A bus helper was burnt alive in the early hours yesterday, in Gazipur, near Dhaka when blockaders set fire to the bus in which he was sleeping. On the day before, in Rangpur, five people, including a child, were burnt to death when a petrol bomb was thrown at a running bus. So far, deaths from blockade-related violence stand at 22. The number of injured is 700 and vehicles torched more than 200.
Dear readers, take a moment to think how you felt when you accidentally got your finger or some part of your body burnt, the excruciating pain. Now imagine your whole body on fire and the cumulative pain it must have caused. Imagine these people trapped in a bus and slowly burning away, one part after another. The lucky ones are those who died faster than others. Oh, this unspeakable inhumanity! No, no, this cannot be our country and the fate of our citizens. Even when we sentence the vilest murderer to death the punishment is never to burn him alive. What a barbaric punishment has been meted out to these innocent people who were burnt to death. It is as if the agitators had declared a war against the people of this country.
A less dramatic story is that some hospitals are finding it hard to give patients life-saving oxygen because the blockade has disrupted the supply chain of oxygen cylinders. The transport sector is losing Tk 200 crore daily and the RMG sector estimates a loss of Tk 450 crore in the last two weeks. The vegetable growers are watching the fruits of their hard labour rot before their very eyes, and students and parents helplessly look on as schools are forced to remain closed. The overall cost to the economy is far higher than what we have written above.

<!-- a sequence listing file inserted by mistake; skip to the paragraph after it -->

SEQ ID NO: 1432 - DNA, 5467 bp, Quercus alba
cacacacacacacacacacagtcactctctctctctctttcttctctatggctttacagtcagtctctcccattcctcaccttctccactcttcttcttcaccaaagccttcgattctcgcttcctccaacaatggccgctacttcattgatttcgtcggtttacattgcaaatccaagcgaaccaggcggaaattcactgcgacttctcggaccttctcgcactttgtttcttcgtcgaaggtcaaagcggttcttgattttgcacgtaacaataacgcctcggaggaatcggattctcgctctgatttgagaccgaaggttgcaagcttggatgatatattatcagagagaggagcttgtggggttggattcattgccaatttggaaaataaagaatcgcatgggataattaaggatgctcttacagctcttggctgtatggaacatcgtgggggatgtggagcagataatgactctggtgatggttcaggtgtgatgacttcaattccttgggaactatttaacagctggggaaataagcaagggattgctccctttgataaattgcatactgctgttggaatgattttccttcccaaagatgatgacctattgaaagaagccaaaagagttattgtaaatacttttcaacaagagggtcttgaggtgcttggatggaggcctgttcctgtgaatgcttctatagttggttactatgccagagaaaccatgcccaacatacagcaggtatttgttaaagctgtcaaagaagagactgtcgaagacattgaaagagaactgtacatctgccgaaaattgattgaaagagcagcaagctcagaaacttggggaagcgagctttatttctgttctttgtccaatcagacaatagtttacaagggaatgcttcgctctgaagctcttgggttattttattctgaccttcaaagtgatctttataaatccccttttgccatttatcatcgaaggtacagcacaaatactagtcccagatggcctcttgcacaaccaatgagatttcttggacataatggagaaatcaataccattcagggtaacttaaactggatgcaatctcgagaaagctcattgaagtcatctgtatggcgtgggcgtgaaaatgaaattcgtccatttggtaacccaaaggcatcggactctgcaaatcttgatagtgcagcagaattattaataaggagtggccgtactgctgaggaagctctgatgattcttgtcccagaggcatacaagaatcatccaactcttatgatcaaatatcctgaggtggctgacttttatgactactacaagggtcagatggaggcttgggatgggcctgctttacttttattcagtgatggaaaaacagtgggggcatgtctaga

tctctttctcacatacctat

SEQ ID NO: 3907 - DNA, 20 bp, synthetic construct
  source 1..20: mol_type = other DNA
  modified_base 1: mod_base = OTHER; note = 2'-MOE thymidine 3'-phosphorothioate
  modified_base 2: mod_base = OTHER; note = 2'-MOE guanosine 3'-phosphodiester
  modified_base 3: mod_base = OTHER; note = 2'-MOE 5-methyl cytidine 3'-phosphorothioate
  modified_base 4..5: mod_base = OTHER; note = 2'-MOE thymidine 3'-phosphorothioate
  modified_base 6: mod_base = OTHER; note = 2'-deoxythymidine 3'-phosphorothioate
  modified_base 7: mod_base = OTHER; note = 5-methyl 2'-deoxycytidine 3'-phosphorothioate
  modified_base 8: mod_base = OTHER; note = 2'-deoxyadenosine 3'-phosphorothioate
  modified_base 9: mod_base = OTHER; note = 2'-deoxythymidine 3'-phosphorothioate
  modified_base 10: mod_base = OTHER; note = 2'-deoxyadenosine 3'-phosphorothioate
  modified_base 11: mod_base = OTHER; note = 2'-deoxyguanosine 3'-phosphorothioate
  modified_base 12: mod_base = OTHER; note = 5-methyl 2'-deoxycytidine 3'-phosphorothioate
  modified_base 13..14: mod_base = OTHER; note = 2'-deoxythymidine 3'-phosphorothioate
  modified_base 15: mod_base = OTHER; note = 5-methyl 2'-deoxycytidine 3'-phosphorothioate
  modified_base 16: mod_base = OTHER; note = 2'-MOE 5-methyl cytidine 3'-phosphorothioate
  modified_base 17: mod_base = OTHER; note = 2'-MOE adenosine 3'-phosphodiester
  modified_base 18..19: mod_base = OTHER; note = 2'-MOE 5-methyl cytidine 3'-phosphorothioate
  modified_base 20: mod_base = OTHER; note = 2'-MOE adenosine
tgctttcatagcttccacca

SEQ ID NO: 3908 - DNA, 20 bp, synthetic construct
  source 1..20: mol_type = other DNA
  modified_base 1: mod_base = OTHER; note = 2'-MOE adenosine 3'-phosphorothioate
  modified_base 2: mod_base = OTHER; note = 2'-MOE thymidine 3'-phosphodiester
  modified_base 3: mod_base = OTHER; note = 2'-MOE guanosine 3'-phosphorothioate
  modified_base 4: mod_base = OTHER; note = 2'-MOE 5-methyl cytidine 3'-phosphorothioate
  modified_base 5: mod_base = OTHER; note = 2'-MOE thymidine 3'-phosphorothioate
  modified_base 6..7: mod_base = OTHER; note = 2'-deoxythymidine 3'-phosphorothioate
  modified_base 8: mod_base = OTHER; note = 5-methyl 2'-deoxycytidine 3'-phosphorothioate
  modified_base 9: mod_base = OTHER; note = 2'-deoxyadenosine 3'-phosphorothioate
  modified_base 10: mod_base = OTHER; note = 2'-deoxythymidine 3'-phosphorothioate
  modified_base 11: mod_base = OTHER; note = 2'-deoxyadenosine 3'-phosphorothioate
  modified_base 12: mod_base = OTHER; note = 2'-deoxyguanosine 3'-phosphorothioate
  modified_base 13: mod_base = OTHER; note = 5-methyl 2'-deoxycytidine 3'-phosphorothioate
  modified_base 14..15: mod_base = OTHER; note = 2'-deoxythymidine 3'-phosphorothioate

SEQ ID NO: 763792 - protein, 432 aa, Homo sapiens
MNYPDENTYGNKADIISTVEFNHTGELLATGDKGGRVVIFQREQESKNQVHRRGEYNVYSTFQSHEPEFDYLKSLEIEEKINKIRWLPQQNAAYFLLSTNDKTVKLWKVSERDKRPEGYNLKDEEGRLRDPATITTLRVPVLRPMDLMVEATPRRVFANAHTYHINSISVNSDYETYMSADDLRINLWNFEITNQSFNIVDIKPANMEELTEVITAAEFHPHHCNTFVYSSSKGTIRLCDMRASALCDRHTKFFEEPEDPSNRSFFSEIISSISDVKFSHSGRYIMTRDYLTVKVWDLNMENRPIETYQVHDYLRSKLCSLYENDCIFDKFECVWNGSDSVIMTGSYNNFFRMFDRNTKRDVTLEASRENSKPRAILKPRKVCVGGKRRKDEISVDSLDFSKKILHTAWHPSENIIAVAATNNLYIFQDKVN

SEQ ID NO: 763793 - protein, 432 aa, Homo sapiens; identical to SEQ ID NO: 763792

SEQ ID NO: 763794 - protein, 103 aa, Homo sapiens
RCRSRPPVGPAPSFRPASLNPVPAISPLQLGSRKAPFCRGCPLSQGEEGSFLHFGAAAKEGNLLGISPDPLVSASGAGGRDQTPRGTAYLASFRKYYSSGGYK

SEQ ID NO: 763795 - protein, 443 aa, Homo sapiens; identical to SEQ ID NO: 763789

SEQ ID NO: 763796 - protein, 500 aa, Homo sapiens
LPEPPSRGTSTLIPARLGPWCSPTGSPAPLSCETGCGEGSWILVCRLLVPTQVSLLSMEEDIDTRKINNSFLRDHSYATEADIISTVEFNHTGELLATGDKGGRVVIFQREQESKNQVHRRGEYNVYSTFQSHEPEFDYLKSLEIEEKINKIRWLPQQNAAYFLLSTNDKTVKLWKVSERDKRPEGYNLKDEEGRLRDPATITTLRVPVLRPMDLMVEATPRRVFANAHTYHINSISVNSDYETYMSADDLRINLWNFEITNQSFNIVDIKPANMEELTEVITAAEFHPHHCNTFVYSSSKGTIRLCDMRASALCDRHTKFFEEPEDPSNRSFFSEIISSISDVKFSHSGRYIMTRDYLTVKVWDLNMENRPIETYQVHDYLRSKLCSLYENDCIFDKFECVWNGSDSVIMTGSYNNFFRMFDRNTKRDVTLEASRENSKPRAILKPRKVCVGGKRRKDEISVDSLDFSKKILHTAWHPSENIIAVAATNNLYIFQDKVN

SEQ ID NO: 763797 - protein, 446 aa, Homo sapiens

On top of that, and perhaps equally damaging, is the reinforcement of reputation of the country as a place of undependable political stability and sporadic lawlessness. The pictures of people being burnt alive can trigger shivers through anybody’s spine leave alone of an investor whose resources we expect to receive to accelerate our growth. Why should a foreigner risk his life and more importantly that of his family to invest here?
I know of several families who have for years insisted that their children return home from abroad to take over their family business or explore the plethora of opportunities that Bangladesh now offers are no longer sure of what advice to give to their children. Hundreds of young men and women who enthusiastically returned to Bangladesh after obtaining the best education from the world over are now double guessing their future, their enthusiasm greatly dimmed by the present events.
And all this is in the name of democracy. How ironic! When a political leader and her party think nothing of burning of her own citizens to death from a political agitation that they have launched, then whatever it is for, it is definitely not for democracy.
We know that Khaleda Zia is no Gandhi. Nor is Sheikh Hasina or any of the present-day leaders. Yet in moments of crisis we try to recall what great men and women did and hope and pray that our leaders, howsoever small, mean and greedy for power, will rise to the occasion and try to emulate their actions, if not for any other reason than to be associated with a great man through a great action.
We are referring to the incident in 1922, when Gandhi called off his nonviolent movement after some of his supporters turned violent and killed some policemen at Chauri Chaura.